According to Edward Hall’s The Union of Two Noble and Illustre Famelies of Lancastre and Yorke (1548), 1522 was a particularly trying year for King Henry VIII, though you would not know it from the staged courtly pleasures held that year. In January, a “great pestilence and death” ravaged London “and other places of the realme,” from which, Hall emphasizes, “many noble capitaines died.”1 This must ...

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Chapter 3: Discovering Sassafras: Sassafras, Noses, New World Environments

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pp. 70-96

Sir Humphrey Gilbert, knight, merchant adventurer, veteran of English wars in Ireland, and an important early proponent of English colonization of the Americas, argued strenuously that English success in the new world required blind faith in the endeavor. In his widely read Discourse of a New Passage to Cataia, which circulated in manuscript form for almost a decade before it was published ...

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Chapter 4: Smelling Disease: Rosemary, Pomanders, Shut-in Households

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pp. 97-125

Despite its title, Thomas Dekker’s The Wonderfull Yeare suggests that 1603 was anything but. After a description of the funeral of Elizabeth I, the famous plague pamphlet provides a “picture of London, lying sicke of the plague.”1 It is a gruesome picture, to be sure. The outbreak of the plague in 1603 was virulent and swift; in a few short months, more than thirty thousand Londoners were dead. ...

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Chapter 5: Oiled in Ambergris: Ambergris, Gloves, London’s Luxury Markets

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pp. 126-153

In 1633, after a decade of success divining for London society about the fertility of Queen Henrietta Maria, Lady Eleanor Davies was fined and imprisoned for comparing King Charles I to the biblical tyrant Belshazzar, the last king of Babylon, and prophesying his death.1 Almost a year later, while still in prison for treason, Lady Eleanor Davies’s spirits were fortified by an angelic visitor, who, ...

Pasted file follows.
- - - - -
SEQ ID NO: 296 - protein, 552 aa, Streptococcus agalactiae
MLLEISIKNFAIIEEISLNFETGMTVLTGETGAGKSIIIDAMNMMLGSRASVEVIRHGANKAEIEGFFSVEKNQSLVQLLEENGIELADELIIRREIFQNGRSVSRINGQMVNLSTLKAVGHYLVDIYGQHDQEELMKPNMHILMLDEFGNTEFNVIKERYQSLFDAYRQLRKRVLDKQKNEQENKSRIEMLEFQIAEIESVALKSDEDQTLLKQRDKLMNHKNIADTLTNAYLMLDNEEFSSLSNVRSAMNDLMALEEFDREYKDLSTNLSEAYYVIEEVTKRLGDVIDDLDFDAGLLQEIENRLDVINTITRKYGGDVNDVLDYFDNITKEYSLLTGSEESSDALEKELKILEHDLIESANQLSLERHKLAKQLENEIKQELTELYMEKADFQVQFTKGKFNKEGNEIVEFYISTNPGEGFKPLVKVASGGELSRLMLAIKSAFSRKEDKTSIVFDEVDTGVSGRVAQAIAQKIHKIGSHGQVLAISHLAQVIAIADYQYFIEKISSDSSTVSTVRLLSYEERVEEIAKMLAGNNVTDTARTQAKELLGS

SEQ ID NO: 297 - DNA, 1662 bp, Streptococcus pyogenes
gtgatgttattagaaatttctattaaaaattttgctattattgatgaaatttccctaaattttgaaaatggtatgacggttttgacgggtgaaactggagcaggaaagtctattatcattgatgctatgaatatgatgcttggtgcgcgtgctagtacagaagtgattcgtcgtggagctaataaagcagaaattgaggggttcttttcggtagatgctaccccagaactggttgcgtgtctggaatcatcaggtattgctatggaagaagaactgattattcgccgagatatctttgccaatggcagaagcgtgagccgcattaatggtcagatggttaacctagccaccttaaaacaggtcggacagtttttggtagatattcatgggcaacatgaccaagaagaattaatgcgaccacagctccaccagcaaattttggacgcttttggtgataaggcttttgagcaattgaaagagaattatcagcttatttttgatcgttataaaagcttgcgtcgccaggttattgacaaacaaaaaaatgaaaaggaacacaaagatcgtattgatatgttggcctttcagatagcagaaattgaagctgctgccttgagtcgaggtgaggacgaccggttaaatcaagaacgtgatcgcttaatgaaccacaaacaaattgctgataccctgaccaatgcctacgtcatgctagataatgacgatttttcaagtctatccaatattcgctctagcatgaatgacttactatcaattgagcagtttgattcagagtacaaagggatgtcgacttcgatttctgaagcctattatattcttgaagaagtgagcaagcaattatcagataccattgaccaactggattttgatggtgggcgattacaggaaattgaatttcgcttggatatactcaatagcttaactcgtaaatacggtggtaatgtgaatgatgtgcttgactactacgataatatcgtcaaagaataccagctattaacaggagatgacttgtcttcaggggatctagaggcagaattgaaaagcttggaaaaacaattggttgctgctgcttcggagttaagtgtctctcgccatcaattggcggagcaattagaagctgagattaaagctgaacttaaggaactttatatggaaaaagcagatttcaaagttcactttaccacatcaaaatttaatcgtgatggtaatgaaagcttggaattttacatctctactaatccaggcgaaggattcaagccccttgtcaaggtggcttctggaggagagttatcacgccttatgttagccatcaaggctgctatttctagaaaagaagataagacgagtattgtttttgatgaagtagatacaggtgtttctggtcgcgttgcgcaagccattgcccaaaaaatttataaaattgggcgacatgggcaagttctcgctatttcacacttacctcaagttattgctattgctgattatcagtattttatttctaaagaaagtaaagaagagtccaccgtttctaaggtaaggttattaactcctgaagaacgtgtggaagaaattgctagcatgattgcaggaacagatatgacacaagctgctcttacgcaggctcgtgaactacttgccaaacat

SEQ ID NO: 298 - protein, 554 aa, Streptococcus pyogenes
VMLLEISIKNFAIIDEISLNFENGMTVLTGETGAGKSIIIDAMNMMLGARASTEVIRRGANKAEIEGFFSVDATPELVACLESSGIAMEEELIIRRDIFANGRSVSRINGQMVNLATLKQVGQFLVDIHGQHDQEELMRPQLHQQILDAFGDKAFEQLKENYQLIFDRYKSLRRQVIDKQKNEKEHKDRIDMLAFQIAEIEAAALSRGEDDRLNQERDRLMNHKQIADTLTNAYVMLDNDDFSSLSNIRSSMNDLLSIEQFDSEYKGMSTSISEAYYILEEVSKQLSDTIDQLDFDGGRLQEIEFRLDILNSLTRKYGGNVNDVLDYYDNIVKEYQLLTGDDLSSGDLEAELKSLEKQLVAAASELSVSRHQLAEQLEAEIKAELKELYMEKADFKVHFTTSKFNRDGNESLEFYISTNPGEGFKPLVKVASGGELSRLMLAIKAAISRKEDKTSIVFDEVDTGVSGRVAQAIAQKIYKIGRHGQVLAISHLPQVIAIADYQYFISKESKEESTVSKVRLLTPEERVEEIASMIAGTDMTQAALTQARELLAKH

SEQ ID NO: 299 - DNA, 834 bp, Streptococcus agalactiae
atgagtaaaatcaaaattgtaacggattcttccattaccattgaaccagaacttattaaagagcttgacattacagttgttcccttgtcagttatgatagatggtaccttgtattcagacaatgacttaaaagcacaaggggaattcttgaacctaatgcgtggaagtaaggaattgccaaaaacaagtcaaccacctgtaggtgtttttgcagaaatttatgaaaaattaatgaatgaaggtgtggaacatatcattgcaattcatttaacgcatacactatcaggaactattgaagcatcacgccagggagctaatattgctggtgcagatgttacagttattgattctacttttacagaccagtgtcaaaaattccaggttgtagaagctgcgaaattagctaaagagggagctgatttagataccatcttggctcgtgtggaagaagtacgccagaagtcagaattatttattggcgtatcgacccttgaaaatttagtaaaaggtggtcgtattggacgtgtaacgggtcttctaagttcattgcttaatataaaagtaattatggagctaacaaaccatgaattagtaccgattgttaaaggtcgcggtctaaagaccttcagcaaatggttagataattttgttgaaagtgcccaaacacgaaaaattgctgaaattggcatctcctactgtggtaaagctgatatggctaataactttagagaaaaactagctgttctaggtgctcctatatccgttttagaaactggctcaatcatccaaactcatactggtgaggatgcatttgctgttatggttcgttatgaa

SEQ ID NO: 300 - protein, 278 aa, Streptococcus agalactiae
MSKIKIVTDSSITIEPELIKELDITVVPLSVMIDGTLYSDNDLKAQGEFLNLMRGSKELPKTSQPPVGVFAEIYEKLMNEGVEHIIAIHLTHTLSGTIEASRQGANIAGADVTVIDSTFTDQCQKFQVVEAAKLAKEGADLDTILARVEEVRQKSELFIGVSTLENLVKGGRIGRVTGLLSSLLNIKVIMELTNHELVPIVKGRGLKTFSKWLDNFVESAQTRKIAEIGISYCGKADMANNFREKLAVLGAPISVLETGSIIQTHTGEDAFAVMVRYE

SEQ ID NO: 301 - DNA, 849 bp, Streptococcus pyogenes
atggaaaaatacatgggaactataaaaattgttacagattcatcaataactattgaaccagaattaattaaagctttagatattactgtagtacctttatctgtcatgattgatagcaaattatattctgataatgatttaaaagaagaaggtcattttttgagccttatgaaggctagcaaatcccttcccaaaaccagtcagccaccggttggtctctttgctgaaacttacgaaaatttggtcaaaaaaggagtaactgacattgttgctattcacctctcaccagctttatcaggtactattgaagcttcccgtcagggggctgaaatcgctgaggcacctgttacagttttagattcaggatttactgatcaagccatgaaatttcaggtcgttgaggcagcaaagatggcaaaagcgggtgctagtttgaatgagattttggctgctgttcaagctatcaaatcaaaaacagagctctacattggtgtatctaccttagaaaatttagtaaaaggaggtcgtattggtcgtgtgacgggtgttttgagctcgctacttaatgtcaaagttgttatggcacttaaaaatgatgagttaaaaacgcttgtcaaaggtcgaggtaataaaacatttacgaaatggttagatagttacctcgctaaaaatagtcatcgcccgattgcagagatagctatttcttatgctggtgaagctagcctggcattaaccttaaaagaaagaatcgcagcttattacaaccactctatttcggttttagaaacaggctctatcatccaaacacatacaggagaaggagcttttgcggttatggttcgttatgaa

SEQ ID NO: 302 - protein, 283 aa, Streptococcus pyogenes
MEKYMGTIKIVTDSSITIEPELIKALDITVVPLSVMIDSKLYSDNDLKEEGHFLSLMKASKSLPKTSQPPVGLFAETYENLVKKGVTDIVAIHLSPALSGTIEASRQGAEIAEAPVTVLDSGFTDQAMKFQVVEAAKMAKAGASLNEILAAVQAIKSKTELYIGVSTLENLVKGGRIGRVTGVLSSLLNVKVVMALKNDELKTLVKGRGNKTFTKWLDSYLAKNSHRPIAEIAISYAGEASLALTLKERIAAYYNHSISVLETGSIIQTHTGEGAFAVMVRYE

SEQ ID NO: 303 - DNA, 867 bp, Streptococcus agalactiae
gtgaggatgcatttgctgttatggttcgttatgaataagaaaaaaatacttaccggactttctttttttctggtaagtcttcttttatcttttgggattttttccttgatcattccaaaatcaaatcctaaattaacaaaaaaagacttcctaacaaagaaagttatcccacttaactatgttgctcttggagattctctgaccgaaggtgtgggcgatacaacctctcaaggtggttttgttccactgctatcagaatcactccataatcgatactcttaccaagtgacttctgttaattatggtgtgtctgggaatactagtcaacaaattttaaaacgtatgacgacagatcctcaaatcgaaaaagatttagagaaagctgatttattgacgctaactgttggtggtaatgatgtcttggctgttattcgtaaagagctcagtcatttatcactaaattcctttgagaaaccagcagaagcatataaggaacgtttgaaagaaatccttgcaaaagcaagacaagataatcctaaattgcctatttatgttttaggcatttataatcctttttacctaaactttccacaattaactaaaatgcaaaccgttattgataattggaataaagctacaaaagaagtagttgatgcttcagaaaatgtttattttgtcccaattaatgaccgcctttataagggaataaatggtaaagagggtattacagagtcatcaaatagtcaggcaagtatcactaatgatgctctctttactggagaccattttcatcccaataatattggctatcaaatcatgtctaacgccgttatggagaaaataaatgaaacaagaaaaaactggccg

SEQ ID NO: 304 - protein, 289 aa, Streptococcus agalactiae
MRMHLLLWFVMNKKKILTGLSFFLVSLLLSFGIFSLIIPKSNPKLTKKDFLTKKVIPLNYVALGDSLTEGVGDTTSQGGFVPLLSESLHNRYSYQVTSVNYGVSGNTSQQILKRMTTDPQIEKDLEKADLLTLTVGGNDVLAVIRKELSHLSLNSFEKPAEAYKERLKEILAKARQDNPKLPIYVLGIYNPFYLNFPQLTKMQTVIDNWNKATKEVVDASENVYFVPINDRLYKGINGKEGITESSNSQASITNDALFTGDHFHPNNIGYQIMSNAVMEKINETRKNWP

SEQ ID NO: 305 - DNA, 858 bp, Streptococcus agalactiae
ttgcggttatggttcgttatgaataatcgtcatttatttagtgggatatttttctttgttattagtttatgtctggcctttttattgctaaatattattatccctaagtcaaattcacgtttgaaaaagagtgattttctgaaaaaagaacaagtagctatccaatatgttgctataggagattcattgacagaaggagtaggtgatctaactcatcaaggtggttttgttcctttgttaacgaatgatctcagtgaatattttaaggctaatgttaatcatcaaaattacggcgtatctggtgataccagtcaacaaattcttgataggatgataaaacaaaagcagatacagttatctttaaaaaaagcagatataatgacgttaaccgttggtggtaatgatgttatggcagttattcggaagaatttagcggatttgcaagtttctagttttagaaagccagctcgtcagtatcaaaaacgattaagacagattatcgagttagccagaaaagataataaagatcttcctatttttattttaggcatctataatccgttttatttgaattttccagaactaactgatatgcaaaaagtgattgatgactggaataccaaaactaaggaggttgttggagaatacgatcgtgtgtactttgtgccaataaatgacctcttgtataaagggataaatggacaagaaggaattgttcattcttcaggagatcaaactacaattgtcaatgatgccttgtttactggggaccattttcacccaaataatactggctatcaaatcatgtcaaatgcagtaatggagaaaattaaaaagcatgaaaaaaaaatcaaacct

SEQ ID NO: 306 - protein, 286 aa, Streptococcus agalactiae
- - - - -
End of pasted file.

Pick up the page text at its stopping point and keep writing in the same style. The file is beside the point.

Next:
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Chapter 6: Bowers of Bliss: Jasmine, Potpourri Vases, Pleasure Gardens

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pp. 154-181

In his preface to his poem “The Garden,” published posthumously in Thomas Sprat’s widely read Workes of Abraham Cowley (1668), Cowley declares that what he desires most is to be the master of a “small house and a large garden.”1 Such desire, at least according to the preface, was never fulfilled. Cowley’s spatial yearning, “so strong, and so like to Covetousness,” remained frustrated by his ...

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Conclusion: Ephemeral Remains

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pp. 182-189

In his 1751 treatise Philosophia Botanica, Carl Linnaeus introduced a radical new system for classifying botanical material that allowed him to attend to both generic and specific qualities of vegetative matter. His system involved surveying a plant’s reproductive organs and classifying them through binomial nomenclature; the inclusion of the secondary “diagnostic” term enabled botany to unfold, ...

Notes

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pp. 191-249

Index

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pp. 251-259


E-ISBN-13: 9781421404226
E-ISBN-10: 1421404222
Print-ISBN-13: 9781421402345
Print-ISBN-10: 1421402343

Page Count: 288
Illustrations: 15 b&w illustrations
Publication Year: 2011